October 31, 2013

Letter to Alannah. ~ Catherine Wilkie

Alannah: Aleanbh, from the Gaelic phrase for “dear child.”

Dear Alannah,

Today you are all of six weeks old, and this is a benchmark day for both of us.

For you, it is the magic marker where all the experts say that you are settling into ‘yourself’ and ‘settling down’—settling into what I wonder?

I assume this means growing accustomed to life outside the womb—the power house of all human life; getting used to life beyond the selfless placenta and the clever umbilical cord that kept you nourished and sated for the 40 odd weeks that you were a passenger in my body.

It’s only now that I can begin to appreciate the huge changes that you’ve experienced already in your very short life—from unborn to shell-shocked newborn and now, to cradle-wise six-week-old, feeling your way in a brand new world. Sometimes I wish that I could ask you what you see and how you feel, but it’s enough that you trust us to guide and guard you through this time, this becoming.

When you were born, I watched you tumble out of me and all I could say in response to those midwives frenetically commentating around me—to register my awareness for them and assure them that I was with it—was ‘oh my god.’ The words were spoken softly and quietly, almost to myself—a dramatic contrast to the cries of the mother seconds before that had accompanied those last, desperate pushes. There was no more crying after that, all the tremendous pain was forgotten: straight onto the next chapter.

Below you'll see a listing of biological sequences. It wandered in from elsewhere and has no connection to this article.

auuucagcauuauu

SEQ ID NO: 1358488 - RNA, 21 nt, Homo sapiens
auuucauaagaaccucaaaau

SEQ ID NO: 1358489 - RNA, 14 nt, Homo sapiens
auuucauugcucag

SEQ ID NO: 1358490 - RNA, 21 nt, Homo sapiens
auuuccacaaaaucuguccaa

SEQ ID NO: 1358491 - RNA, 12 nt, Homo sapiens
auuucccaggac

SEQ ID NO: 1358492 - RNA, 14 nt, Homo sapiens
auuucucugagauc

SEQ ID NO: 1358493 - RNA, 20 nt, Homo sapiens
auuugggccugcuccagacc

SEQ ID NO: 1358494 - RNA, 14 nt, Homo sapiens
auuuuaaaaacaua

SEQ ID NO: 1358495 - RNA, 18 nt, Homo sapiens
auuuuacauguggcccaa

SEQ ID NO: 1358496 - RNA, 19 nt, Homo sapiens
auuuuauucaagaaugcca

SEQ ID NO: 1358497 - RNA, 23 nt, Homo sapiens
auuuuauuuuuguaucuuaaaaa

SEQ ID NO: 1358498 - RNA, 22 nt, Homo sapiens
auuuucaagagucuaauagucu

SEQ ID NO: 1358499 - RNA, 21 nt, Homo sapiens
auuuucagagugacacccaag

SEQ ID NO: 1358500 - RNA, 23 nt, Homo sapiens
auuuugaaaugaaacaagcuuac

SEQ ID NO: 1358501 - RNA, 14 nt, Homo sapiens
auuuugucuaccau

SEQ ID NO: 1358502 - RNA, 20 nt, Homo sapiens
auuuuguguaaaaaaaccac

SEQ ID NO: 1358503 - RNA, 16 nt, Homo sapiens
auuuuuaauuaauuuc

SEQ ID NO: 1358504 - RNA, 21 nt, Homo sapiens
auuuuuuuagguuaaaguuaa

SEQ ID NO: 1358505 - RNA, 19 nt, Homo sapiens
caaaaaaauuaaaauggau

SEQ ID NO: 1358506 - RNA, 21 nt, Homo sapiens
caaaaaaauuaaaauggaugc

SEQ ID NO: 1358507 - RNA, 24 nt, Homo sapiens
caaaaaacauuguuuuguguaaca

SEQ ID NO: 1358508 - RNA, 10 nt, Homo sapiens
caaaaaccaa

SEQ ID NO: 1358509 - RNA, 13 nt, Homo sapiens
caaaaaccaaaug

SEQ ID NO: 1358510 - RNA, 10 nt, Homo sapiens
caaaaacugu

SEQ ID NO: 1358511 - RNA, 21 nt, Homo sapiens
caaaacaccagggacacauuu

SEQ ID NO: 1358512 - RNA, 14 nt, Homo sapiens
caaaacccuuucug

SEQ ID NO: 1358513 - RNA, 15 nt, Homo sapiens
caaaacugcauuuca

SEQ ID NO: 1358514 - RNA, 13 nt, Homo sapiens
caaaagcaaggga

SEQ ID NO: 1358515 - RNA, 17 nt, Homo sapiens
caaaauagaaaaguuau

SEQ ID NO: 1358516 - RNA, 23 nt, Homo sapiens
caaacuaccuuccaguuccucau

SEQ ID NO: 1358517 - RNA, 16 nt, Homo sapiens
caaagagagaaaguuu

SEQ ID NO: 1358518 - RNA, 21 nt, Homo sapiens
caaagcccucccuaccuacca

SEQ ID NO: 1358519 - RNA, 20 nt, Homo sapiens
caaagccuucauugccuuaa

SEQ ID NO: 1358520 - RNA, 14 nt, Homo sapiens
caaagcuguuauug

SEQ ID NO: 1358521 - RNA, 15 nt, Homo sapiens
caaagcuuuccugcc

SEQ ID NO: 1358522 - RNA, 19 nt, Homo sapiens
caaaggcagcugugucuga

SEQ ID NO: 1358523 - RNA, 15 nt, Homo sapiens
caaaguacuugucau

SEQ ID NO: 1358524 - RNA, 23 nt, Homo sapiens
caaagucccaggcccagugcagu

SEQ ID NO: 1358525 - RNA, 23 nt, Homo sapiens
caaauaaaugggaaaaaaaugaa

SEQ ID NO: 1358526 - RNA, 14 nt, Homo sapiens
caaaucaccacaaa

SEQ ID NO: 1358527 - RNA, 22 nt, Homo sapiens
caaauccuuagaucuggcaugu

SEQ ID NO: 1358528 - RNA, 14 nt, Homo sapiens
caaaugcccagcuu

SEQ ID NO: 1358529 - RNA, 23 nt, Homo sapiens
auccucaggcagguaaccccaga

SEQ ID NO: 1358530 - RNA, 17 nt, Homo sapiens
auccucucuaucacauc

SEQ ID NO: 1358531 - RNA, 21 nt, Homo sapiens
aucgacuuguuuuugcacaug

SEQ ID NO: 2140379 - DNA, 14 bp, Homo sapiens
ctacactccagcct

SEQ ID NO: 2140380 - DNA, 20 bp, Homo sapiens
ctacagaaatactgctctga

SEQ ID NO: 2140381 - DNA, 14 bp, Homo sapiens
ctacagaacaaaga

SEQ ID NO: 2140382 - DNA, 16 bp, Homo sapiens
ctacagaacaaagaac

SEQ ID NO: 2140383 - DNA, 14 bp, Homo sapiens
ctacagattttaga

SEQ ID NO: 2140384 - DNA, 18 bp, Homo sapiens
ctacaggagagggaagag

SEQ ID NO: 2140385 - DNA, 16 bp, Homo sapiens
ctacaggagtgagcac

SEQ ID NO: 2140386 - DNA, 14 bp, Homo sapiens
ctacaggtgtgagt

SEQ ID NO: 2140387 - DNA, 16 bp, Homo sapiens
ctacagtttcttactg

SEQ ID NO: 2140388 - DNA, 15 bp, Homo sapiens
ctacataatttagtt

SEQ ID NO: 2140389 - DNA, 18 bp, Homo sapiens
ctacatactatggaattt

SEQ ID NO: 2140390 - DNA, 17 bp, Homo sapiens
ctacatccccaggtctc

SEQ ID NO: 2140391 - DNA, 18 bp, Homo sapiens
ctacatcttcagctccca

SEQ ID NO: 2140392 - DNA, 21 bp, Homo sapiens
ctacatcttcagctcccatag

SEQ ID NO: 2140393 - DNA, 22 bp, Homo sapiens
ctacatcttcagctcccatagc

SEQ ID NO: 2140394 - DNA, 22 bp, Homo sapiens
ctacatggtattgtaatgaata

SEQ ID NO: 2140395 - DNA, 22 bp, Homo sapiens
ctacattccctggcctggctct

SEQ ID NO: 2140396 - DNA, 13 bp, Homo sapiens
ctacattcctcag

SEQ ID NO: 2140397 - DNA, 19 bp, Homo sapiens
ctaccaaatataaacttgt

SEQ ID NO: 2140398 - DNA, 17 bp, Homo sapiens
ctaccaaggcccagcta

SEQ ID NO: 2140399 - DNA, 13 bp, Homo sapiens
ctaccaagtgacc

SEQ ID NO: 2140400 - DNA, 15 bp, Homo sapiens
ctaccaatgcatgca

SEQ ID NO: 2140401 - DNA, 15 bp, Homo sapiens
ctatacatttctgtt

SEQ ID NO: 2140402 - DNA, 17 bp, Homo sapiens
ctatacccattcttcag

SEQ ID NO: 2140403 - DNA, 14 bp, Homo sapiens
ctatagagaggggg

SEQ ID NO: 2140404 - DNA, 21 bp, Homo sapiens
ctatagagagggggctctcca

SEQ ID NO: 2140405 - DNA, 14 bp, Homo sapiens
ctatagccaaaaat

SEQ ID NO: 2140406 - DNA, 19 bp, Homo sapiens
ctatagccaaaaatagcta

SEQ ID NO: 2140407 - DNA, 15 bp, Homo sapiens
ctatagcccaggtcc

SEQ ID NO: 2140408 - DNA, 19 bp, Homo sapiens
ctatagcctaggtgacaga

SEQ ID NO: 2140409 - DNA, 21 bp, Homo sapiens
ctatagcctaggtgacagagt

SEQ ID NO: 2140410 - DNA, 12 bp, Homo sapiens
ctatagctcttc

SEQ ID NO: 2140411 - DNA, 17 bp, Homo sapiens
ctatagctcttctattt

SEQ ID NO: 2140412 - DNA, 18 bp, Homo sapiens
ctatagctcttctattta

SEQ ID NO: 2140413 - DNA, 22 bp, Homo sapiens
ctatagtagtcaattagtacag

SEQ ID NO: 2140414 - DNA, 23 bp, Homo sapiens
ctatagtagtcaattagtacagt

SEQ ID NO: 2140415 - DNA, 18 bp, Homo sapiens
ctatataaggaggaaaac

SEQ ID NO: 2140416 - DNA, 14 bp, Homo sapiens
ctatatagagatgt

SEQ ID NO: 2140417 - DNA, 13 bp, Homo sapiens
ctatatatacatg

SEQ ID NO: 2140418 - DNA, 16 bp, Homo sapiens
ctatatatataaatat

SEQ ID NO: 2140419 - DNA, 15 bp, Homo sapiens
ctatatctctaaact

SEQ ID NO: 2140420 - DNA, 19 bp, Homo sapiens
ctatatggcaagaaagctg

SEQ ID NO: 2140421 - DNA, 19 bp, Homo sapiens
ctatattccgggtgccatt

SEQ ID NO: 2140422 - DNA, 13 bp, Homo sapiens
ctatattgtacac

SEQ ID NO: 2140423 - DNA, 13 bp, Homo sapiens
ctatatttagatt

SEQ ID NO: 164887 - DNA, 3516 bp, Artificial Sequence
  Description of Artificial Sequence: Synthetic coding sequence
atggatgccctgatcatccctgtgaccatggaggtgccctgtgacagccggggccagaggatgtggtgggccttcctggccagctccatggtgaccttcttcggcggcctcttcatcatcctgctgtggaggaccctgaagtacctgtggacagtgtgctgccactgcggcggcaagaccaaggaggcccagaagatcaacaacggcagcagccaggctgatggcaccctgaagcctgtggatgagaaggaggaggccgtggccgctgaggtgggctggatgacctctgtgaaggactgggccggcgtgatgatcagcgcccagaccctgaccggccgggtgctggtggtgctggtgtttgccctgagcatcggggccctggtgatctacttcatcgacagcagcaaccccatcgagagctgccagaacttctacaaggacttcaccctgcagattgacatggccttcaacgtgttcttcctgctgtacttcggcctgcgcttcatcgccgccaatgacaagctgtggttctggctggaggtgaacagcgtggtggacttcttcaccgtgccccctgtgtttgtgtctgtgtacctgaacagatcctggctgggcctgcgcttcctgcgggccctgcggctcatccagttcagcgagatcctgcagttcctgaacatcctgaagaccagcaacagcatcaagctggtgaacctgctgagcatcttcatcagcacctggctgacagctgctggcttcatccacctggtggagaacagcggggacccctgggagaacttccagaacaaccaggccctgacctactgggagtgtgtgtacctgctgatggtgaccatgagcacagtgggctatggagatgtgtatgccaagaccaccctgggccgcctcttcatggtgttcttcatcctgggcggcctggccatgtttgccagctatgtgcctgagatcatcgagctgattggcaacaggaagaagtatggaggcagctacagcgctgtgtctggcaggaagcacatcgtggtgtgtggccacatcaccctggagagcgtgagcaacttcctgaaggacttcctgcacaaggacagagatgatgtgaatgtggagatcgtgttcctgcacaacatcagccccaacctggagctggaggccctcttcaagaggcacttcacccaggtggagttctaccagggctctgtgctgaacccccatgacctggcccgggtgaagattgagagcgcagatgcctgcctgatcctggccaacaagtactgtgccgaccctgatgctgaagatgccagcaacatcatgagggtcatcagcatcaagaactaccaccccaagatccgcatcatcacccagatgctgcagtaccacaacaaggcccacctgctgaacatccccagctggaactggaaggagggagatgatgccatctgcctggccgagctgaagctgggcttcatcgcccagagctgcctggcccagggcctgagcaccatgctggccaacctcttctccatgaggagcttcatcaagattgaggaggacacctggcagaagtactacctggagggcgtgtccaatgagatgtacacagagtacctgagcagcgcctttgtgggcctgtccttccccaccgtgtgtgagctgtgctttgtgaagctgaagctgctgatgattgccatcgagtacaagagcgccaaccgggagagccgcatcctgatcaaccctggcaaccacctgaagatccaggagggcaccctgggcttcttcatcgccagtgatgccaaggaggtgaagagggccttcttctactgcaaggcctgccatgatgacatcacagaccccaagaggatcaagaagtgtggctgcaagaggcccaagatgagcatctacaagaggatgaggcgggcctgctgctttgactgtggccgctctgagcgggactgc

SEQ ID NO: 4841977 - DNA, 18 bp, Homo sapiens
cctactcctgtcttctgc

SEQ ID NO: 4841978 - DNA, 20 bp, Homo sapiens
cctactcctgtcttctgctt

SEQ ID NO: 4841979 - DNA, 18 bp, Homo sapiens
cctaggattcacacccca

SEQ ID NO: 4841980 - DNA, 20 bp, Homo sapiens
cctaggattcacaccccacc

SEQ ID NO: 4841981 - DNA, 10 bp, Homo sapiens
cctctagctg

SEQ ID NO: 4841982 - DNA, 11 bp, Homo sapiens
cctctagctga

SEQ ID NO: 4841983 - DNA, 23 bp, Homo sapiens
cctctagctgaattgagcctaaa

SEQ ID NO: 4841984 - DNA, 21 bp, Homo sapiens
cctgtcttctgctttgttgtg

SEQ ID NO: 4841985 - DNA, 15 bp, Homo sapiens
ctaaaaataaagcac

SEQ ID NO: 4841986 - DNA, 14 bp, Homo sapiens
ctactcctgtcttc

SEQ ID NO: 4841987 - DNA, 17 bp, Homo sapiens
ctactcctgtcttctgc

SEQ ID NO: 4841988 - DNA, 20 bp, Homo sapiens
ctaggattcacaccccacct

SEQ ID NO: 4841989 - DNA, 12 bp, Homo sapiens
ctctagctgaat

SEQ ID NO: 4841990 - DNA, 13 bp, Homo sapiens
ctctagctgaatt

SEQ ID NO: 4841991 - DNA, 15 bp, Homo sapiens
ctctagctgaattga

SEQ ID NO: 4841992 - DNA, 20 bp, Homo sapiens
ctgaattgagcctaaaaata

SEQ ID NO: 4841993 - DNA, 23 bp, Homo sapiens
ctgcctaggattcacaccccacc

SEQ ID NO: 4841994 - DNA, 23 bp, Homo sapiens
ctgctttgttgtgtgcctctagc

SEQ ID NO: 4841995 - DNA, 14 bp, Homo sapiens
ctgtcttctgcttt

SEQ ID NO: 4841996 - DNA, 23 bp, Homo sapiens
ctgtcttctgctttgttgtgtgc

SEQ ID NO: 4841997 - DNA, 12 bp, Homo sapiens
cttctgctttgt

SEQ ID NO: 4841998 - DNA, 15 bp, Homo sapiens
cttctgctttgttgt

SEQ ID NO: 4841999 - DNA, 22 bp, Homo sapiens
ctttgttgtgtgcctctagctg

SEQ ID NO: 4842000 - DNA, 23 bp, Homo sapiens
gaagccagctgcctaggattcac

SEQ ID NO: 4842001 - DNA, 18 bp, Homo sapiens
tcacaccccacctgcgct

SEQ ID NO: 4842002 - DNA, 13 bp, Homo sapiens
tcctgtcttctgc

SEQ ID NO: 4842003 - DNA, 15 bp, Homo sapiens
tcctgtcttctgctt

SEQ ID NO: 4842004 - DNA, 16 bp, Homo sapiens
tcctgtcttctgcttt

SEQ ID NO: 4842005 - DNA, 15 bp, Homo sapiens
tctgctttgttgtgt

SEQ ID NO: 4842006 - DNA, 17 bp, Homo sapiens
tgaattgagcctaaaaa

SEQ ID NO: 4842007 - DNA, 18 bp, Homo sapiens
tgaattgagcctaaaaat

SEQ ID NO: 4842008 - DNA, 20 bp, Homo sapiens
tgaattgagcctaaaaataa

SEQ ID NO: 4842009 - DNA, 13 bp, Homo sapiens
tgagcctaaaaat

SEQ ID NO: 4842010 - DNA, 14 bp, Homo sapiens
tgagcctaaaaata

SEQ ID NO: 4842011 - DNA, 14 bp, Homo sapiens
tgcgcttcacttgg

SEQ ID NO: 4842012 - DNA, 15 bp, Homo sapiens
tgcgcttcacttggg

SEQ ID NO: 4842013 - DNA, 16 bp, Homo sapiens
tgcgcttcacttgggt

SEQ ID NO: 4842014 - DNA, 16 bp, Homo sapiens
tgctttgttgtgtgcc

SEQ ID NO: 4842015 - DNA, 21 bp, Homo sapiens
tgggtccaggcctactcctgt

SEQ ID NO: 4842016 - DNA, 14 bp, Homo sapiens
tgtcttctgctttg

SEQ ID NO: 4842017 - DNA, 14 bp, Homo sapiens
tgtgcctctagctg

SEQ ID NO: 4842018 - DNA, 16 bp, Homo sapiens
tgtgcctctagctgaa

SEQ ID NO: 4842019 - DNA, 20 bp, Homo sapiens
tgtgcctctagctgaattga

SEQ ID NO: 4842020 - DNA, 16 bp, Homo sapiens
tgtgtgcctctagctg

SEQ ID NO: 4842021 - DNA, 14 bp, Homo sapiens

I watched the scene as they presented you to me, as if it was an out of body experience and I remained outside. There you were, partly covered in sticky white vernix and the rest of you underneath all pink and wonderfully alive. I was stunned, shocked, silenced, the sound-box muted.

What was next? After all that time getting through pregnancy, getting from one week to the next, psyching myself up for labour, getting through the shopping list of must-haves and basic needs to see you through those first few days, and most importantly—staying calm (daily pranayama and meditation without breath retention was a powerful aid).
And then you were there.

They, the heroic midwives, left us alone together, all bunched up on the delivery bed, our first meeting together—you, your father and me. We gazed into your bright blue eyes gaping wide as they took in the light for the first time.

What was that like, Alannah? Your first breath—your first gasp of air?

The first sensation of cold versus warmth as they weighed you naked and checked to make sure you were perfect and then brought you shivering and crying to my chest.

Nestling there under soft pink cotton shirt against my skin that was warm and tanned from sitting in the garden while waiting for you all summer long—you lay there and took it all in. You, newborn warrior: no fear, no worry, no concerns despite your complete and utter helplessness and dependence upon on us, the newborn parents.

Those first few days in the hospital you kept a firm grip on both us—your father held you in his arms for as long as he could and then in the night time when everyone was sent home, we got to know each other. We sat together, we lay down together, we walked around the room together and mostly we had cuddles together, both of us learning about a closeness and a nurturing that neither of us could fathom the depth of in that brief and magical first few days.

We were both just following instinct, as we still are.